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PEMBROKESHIRE and Ceredigion are among the lowest when it comes to staff suspensions and payments while not working, according to Conservative party figures.

The Welsh Conservatives have called for an enquiry across Wales after figures obtained under the Freedom of Information Act (FOI) showed that more than £7million was paid out over the last three years.

Pembrokeshire was among the 16 local authorities that responded with ten staff suspended over the three years, for varying amounts of weeks, totalling  36.

This includes one person suspended for 31 weeks in 2016/17, who was paid £22, 839.

Over the three years a total of £69,202 was paid.

A spokesman for Pembrokeshire County Council said:Pembrokeshire has one of the lowest figures in Wales as the Council works hard to ensure suspension is an action of ‘last resort’, previous options being redeploying someone to an alternative workplace or working off-site.

“It should also be acknowledged that safeguarding investigations can be lengthy.

“They often involve social care and police involvement and internal ‘employer’ investigations can only happen once these statutory procedures have concluded.”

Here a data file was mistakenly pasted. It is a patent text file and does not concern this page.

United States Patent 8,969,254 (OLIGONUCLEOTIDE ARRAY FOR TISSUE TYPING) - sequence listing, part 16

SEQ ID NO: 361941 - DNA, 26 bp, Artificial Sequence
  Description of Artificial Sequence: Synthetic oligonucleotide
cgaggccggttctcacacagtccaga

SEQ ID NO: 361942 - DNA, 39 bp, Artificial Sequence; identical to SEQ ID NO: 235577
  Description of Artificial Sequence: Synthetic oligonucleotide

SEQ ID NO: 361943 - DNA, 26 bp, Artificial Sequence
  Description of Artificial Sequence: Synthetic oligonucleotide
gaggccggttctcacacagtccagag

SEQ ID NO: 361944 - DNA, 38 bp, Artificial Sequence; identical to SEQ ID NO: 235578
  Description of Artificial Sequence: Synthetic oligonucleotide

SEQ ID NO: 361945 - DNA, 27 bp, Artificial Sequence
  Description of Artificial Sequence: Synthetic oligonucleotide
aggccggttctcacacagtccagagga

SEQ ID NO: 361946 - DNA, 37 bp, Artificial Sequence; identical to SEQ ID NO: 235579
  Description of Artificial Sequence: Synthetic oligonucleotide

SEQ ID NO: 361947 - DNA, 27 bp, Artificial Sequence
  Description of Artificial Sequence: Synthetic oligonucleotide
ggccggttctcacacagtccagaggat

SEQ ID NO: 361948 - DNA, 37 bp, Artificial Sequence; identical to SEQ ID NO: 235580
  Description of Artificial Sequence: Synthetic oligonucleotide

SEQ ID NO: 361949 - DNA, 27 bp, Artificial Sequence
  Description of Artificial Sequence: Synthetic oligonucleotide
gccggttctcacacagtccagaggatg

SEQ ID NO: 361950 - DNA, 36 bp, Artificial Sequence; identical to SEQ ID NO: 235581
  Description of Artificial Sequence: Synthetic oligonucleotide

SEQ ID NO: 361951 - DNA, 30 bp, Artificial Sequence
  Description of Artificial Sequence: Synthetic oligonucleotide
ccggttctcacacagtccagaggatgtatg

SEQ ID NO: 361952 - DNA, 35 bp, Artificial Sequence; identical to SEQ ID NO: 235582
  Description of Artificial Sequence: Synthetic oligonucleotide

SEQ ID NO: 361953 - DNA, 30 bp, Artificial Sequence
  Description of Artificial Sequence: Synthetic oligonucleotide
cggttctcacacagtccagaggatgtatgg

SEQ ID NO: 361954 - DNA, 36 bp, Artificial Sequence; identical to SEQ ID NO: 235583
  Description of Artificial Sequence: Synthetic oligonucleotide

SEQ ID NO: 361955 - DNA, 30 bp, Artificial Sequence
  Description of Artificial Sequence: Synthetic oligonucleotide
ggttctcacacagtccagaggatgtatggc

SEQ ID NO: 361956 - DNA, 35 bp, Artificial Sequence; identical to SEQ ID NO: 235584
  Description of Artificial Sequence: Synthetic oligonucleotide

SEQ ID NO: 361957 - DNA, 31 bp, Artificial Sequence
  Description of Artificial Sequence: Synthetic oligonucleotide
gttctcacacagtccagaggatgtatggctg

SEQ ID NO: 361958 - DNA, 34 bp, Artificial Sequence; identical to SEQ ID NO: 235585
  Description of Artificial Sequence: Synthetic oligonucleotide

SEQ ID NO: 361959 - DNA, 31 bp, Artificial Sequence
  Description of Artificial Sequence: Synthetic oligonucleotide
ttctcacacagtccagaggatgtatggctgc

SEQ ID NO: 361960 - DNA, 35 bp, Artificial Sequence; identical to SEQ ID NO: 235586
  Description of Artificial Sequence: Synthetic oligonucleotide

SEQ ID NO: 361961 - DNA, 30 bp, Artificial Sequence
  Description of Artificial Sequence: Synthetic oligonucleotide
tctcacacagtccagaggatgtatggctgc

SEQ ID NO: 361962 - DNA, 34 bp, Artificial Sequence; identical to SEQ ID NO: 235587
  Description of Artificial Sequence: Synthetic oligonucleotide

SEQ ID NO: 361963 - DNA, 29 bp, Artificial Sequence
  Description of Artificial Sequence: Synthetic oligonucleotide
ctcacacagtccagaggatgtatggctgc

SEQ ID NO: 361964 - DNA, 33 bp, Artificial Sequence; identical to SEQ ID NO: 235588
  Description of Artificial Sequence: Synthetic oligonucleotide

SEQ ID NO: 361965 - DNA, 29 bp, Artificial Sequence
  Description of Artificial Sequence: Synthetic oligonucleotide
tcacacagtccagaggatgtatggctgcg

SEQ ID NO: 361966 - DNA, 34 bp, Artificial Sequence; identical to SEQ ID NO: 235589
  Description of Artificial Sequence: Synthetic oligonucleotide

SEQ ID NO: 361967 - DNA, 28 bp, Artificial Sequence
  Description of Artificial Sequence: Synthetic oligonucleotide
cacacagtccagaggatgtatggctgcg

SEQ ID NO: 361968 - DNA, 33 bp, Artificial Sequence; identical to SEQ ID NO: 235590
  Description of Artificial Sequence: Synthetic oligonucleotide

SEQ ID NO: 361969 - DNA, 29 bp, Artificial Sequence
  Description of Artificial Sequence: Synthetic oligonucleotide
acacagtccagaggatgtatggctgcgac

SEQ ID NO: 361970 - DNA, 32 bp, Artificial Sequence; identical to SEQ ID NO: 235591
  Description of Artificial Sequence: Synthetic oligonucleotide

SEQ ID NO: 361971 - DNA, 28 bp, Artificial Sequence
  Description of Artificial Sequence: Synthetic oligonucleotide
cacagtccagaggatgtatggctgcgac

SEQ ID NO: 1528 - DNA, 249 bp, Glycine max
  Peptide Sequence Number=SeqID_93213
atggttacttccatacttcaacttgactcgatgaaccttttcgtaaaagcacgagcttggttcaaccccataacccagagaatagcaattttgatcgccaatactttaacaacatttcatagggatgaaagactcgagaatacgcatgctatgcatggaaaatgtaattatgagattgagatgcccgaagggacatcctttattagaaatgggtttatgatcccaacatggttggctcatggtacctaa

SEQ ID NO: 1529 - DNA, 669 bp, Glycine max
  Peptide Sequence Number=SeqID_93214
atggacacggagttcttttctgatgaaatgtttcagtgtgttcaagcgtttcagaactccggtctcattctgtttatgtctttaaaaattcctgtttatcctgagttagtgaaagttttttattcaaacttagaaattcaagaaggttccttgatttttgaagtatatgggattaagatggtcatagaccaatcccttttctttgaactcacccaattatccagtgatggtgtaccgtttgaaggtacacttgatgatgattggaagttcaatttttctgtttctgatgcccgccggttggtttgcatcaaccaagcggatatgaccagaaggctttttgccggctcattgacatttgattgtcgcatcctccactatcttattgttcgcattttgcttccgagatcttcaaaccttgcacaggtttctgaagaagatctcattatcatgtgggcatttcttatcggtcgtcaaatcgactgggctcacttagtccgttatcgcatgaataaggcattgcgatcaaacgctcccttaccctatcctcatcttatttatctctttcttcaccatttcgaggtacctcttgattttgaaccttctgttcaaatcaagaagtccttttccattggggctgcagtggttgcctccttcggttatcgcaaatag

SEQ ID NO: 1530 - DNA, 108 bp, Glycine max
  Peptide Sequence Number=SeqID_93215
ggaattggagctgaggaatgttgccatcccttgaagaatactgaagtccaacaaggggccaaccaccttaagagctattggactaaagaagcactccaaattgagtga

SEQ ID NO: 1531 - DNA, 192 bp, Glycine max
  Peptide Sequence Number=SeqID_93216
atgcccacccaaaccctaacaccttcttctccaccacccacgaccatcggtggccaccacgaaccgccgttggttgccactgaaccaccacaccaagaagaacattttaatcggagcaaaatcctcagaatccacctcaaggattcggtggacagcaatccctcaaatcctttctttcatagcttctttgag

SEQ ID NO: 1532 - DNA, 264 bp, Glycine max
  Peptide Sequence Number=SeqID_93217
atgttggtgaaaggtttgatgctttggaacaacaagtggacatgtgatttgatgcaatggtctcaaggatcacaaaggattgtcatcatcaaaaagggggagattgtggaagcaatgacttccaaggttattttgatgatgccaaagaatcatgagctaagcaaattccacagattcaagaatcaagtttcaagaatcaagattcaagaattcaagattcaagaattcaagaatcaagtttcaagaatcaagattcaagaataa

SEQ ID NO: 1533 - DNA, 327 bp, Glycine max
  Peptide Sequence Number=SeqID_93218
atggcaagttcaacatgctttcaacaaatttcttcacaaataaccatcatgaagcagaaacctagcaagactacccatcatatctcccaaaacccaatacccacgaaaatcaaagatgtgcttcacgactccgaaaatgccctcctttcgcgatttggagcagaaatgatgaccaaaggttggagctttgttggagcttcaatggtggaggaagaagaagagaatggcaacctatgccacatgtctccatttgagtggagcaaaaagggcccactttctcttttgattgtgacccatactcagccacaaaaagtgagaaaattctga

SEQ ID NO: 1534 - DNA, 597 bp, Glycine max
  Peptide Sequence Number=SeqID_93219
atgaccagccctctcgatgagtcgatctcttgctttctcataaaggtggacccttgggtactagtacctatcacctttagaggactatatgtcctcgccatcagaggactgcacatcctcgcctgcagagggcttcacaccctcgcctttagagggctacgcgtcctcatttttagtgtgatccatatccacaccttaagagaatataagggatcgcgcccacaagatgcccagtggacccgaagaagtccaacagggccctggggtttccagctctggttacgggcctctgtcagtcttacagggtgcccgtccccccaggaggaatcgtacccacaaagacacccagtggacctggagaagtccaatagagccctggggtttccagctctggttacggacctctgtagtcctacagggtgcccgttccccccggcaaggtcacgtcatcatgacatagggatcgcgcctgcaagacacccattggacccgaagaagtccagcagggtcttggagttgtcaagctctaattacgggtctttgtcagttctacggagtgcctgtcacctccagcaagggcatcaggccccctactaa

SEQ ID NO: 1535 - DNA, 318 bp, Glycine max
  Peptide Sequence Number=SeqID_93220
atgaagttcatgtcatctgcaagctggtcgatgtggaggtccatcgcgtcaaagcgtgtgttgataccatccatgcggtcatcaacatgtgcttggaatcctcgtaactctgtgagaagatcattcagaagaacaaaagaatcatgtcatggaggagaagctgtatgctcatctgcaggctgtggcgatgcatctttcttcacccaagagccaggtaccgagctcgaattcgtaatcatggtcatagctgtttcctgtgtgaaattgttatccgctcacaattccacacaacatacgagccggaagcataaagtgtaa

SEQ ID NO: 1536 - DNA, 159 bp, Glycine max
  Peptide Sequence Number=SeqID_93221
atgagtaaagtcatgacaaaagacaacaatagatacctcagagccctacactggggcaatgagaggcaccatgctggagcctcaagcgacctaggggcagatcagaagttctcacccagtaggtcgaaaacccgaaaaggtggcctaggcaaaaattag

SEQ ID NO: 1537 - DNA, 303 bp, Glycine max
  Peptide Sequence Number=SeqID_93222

Leader of the Conservative group at Pembrokeshire council, Cllr Rob Summons, added: “The Pembrokeshire figures appear to very good indeed. I am unable to comment on the rest of the country. This will all fall in with employment law and any enquiry will show what is happening.”

Cardiff Council made the biggest total pay-out – £1,408,193 – followed by Powys Council, who paid suspended staff £850,621 in this three-year period.

The third highest amount spent was by Caerphilly, who paid out £584,773.

Welsh Conservative and Shadow Local Government Minister Mark Isherwood AM, said: “The concern here isn’t about paying those who are suspended from work: due process must take place, but the sheer number of staff being suspended is problematic.

“That over 750 council staff have been suspended shows the investigation system is broken, a huge number of public servants are not working in the public interest, or both.”

Ceredigion County Council’s figures were “partially or inconsistently” presented with more than five recorded for each year specified.

This shows a total of five to ten, with weeks totalling 192 and payments topping £133,533.

Ceredigion County Council were contacted for comment.

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